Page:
People respond more positively to someone with a grin than someone with a frown because our brain reacts to seeing that smiling face. It makes us look more relaxed and authentic. And everyone knows that smiling makes you more attractive.
Even when we force a smile or fake a laugh, it still has valuable benefits because our bodies respond as if it was genuine. So even a fake smile can trick us into being happier.
When you smile at another, that person smiles back at you. When you hold the door open for someone, they, in turn, keep it open for someone else. By giving to others, even in small ways, you have a positive influence and raise everyone’s expectancy to that of an encouraging nature.
A smile is a curve that sets everything straight. ~ Phyllis Diller
How to Develop a Sense of Humor
The most crucial element in creating a sense of humor is to release the egoic mind. The ego wants to take everything seriously. It’s looking for reasons for failings and a place to lay blame. But for us to develop resilience through humor, we need to laugh at our own missteps and idiosyncrasies. Despite our best efforts, we do irrational things. But instead of allowing our egoic mind to make us feel self-conscious and defensive, we can choose to see the humor by accepting ourselves and our imperfections.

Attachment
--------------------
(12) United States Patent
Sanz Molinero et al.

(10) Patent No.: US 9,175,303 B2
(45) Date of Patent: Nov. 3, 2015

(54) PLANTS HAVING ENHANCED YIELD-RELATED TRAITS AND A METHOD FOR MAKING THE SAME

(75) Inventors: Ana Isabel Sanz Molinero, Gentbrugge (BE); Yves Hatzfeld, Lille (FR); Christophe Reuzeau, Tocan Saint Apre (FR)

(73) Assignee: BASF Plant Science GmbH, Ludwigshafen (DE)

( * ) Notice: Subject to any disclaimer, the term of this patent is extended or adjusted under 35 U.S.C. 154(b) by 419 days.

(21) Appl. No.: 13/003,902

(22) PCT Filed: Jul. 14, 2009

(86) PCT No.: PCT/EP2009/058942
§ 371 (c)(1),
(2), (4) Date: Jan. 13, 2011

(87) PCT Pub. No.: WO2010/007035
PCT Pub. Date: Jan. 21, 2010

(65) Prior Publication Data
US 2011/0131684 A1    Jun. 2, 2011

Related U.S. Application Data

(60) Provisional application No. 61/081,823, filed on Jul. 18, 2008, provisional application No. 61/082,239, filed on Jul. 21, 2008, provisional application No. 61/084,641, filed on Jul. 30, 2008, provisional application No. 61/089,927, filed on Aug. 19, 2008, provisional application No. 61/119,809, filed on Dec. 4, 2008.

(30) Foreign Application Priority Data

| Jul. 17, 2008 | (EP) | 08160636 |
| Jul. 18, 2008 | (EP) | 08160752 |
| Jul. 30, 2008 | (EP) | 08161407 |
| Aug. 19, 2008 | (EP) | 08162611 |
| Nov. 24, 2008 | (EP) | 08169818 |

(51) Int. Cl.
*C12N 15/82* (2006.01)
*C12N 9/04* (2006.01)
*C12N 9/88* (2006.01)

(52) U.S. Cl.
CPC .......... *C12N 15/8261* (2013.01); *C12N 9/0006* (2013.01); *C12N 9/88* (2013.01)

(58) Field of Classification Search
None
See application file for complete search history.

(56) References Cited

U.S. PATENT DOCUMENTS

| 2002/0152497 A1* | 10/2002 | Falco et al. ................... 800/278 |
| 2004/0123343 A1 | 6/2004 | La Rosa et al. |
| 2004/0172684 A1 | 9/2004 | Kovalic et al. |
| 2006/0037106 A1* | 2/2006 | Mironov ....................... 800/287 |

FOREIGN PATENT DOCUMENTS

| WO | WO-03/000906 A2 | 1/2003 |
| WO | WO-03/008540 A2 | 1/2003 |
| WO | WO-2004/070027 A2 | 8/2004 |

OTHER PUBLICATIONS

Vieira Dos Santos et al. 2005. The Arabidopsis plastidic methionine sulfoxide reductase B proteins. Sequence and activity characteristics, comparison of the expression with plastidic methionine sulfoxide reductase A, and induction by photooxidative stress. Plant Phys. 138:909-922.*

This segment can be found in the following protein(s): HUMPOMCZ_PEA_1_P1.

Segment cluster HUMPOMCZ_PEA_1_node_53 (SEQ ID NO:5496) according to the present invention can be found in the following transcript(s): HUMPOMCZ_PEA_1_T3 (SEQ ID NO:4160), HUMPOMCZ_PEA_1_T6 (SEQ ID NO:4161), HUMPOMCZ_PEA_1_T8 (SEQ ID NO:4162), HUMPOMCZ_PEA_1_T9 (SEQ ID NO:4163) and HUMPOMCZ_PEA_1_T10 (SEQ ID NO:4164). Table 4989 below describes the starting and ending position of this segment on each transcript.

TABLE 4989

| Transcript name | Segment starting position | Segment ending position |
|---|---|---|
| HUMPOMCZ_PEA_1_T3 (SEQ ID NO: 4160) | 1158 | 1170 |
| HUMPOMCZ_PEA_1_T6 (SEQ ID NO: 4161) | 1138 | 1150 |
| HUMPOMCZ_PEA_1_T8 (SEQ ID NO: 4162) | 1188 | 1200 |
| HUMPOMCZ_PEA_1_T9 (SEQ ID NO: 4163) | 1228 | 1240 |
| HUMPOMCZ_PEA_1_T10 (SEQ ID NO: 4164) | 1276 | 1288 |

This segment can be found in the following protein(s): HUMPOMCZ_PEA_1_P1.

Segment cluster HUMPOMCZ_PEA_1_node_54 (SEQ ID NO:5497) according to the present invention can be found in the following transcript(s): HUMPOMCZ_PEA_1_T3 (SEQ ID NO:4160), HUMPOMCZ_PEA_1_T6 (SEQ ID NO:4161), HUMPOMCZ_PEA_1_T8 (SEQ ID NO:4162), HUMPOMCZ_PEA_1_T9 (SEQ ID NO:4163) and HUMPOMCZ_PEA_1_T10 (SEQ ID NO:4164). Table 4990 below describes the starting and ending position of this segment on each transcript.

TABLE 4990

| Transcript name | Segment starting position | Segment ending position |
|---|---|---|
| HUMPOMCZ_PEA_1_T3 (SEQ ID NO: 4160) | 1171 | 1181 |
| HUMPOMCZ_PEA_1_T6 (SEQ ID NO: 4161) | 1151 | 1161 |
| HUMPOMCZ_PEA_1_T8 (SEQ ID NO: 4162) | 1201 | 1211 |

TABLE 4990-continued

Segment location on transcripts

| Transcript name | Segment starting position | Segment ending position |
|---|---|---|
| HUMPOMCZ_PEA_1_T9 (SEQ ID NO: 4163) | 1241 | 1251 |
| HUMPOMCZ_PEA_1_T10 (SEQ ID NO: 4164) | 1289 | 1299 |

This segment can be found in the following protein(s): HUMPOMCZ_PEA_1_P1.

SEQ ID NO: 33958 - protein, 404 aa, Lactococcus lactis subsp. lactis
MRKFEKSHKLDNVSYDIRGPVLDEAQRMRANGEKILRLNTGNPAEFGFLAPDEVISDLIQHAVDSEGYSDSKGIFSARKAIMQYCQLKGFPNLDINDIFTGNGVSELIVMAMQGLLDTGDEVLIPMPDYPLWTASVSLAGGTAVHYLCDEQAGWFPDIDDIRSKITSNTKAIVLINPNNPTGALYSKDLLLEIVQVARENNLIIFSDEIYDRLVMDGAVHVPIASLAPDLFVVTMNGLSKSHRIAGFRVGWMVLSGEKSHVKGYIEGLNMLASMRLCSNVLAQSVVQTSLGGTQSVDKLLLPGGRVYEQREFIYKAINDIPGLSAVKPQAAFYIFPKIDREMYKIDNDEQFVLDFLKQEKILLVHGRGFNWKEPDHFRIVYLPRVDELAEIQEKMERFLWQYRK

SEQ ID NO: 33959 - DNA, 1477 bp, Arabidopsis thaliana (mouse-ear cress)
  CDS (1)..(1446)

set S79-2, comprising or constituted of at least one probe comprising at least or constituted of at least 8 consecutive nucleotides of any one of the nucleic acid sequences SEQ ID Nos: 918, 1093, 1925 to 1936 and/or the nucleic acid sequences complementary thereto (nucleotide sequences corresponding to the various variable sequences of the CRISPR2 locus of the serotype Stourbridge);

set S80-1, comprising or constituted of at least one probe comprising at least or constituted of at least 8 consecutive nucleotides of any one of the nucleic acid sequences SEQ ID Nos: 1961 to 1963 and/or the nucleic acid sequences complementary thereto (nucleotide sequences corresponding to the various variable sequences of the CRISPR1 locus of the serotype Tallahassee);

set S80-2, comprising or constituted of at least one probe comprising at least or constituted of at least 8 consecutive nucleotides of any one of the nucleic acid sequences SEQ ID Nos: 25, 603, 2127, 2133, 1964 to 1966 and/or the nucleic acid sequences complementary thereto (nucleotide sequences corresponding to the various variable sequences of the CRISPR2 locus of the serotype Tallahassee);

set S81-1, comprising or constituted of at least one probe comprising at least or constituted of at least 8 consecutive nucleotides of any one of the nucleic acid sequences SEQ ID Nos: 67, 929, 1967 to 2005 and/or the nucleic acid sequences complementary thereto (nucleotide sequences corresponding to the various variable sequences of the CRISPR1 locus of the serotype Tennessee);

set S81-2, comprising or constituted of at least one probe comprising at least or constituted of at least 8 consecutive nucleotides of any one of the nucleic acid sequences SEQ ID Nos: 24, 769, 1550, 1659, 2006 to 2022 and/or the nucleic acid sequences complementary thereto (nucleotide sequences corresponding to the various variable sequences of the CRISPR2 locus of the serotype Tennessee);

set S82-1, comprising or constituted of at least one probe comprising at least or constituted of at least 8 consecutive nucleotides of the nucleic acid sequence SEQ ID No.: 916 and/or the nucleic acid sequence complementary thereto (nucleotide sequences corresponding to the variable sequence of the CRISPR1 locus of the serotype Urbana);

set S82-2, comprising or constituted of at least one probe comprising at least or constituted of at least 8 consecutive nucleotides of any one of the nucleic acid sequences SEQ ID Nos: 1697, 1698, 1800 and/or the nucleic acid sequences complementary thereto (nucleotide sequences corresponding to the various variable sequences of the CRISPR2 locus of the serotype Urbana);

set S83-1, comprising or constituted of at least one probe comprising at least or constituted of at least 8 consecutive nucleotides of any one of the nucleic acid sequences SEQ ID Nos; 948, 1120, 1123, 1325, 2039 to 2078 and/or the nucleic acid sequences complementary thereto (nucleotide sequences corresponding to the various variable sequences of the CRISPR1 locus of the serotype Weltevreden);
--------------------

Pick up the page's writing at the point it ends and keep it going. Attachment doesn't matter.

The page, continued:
I’m not saying that trauma falls into this category, but most of our daily lives don’t involve significant distress. Our ordinary lives allow us the opportunity to laugh at ourselves and our circumstances, even if they are disconcerting.
Share these times with others to help us take ourselves less seriously and help others see we are all human. Choose to laugh at ourselves instead of allowing the egoic mind to take over the narrative in our heads. Look for the irony in the situations we don’t like.
Laughter is the shortest distance between two people. ~ Victor Borge
How to Add More Laughter into Our Lives
Remind ourselves to lighten up. Put something on our desk or wall that makes us beam. I have a baby Groot and The Child on my desk, and they both make me smile when I look at them. My husband collects funny memes that he shares to help lighten the mood.